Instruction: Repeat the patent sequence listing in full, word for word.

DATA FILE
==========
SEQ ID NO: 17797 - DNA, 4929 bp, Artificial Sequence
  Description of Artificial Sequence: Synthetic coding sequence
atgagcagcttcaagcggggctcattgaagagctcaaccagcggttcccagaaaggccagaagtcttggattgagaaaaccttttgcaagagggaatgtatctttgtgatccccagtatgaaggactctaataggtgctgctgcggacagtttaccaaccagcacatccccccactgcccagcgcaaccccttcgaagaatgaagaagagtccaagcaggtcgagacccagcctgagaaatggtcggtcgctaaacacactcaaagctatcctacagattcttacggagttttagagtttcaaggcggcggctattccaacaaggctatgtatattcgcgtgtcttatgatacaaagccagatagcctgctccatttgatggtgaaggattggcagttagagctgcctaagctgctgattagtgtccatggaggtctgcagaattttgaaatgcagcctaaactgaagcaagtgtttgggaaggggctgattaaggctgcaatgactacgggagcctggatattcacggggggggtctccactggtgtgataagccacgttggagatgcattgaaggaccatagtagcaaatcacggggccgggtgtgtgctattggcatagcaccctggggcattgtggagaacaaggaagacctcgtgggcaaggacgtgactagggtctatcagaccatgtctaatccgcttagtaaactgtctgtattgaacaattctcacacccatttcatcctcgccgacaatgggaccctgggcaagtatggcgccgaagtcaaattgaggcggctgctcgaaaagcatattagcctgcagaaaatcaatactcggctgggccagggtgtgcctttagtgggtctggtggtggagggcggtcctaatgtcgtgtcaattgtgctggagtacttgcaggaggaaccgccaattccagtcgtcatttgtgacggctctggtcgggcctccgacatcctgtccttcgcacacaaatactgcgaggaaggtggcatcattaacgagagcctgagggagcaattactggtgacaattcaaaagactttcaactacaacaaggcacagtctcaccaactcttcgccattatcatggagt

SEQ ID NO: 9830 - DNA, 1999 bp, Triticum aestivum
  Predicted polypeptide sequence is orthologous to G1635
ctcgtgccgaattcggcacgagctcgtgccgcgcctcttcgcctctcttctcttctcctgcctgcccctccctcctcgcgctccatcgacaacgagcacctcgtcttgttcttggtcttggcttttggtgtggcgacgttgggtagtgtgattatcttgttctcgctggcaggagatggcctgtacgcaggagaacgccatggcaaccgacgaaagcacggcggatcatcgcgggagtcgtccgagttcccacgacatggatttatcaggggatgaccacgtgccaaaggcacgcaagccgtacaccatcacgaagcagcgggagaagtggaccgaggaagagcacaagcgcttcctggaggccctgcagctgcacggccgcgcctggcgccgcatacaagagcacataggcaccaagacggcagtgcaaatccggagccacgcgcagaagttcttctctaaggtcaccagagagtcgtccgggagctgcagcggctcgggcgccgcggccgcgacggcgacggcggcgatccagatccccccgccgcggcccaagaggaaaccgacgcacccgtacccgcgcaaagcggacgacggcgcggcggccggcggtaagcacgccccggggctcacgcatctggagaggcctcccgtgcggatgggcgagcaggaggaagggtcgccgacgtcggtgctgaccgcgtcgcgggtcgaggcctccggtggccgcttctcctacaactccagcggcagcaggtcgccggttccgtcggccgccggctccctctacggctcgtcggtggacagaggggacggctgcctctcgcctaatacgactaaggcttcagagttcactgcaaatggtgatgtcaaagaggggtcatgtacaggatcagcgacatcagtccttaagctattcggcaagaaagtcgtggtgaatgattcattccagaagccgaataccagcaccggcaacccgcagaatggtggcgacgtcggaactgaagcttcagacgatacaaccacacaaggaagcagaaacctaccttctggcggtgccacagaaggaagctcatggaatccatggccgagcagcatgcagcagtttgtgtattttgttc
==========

SEQ ID NO: 17797 - DNA, 4929 bp, Artificial Sequence
  Description of Artificial Sequence: Synthetic coding sequence
atgagcagcttcaagcggggctcattgaagagctcaaccagcggttcccagaaaggccagaagtcttggattgagaaaaccttttgcaagagggaatgtatctttgtgatccccagtatgaaggactctaataggtgctgctgcggacagtttaccaaccagcacatccccccactgcccagcgcaaccccttcgaagaatgaagaagagtccaagcaggtcgagacccagcctgagaaatggtcggtcgctaaacacactcaaagctatcctacagattcttacggagttttagagtttcaaggcggcggctattccaacaaggctatgtatattcgcgtgtcttatgatacaaagccagatagcctgctccatttgatggtgaaggattggcagttagagctgcctaagctgctgattagtgtccatggaggtctgcagaattttgaaatgcagcctaaactgaagcaagtgtttgggaaggggctgattaaggctgcaatgactacgggagcctggatattcacggggggggtctccactggtgtgataagccacgttggagatgcattgaaggaccatagtagcaaatcacggggccgggtgtgtgctattggcatagcaccctggggcattgtggagaacaaggaagacctcgtgggcaaggacgtgactagggtctatcagaccatgtctaatccgcttagtaaactgtctgtattgaacaattctcacacccatttcatcctcgccgacaatgggaccctgggcaagtatggcgccgaagtcaaattgaggcggctgctcgaaaagcatattagcctgcagaaaatcaatactcggctgggccagggtgtgcctttagtgggtctggtggtggagggcggtcctaatgtcgtgtcaattgtgctggagtacttgcaggaggaaccgccaattccagtcgtcatttgtgacggctctggtcgggcctccgacatcctgtccttcgcacacaaatactgcgaggaaggtggcatcattaacgagagcctgagggagcaattactggtgacaattcaaaagactttcaactacaacaaggcacagtctcaccaactcttcgccattatcatggagt

SEQ ID NO: 9830 - DNA, 1999 bp, Triticum aestivum
  Predicted polypeptide sequence is orthologous to G1635
ctcgtgccgaattcggcacgagctcgtgccgcgcctcttcgcctctcttctcttctcctgcctgcccctccctcctcgcgctccatcgacaacgagcacctcgtcttgttcttggtcttggcttttggtgtggcgacgttgggtagtgtgattatcttgttctcgctggcaggagatggcctgtacgcaggagaacgccatggcaaccgacgaaagcacggcggatcatcgcgggagtcgtccgagttcccacgacatggatttatcaggggatgaccacgtgccaaaggcacgcaagccgtacaccatcacgaagcagcgggagaagtggaccgaggaagagcacaagcgcttcctggaggccctgcagctgcacggccgcgcctggcgccgcatacaagagcacataggcaccaagacggcagtgcaaatccggagccacgcgcagaagttcttctctaaggtcaccagagagtcgtccgggagctgcagcggctcgggcgccgcggccgcgacggcgacggcggcgatccagatccccccgccgcggcccaagaggaaaccgacgcacccgtacccgcgcaaagcggacgacggcgcggcggccggcggtaagcacgccccggggctcacgcatctggagaggcctcccgtgcggatgggcgagcaggaggaagggtcgccgacgtcggtgctgaccgcgtcgcgggtcgaggcctccggtggccgcttctcctacaactccagcggcagcaggtcgccggttccgtcggccgccggctccctctacggctcgtcggtggacagaggggacggctgcctctcgcctaatacgactaaggcttcagagttcactgcaaatggtgatgtcaaagaggggtcatgtacaggatcagcgacatcagtccttaagctattcggcaagaaagtcgtggtgaatgattcattccagaagccgaataccagcaccggcaacccgcagaatggtggcgacgtcggaactgaagcttcagacgatacaaccacacaaggaagcagaaacctaccttctggcggtgccacagaaggaagctcatggaatccatggccgagcagcatgcagcagtttgtgtattttgttc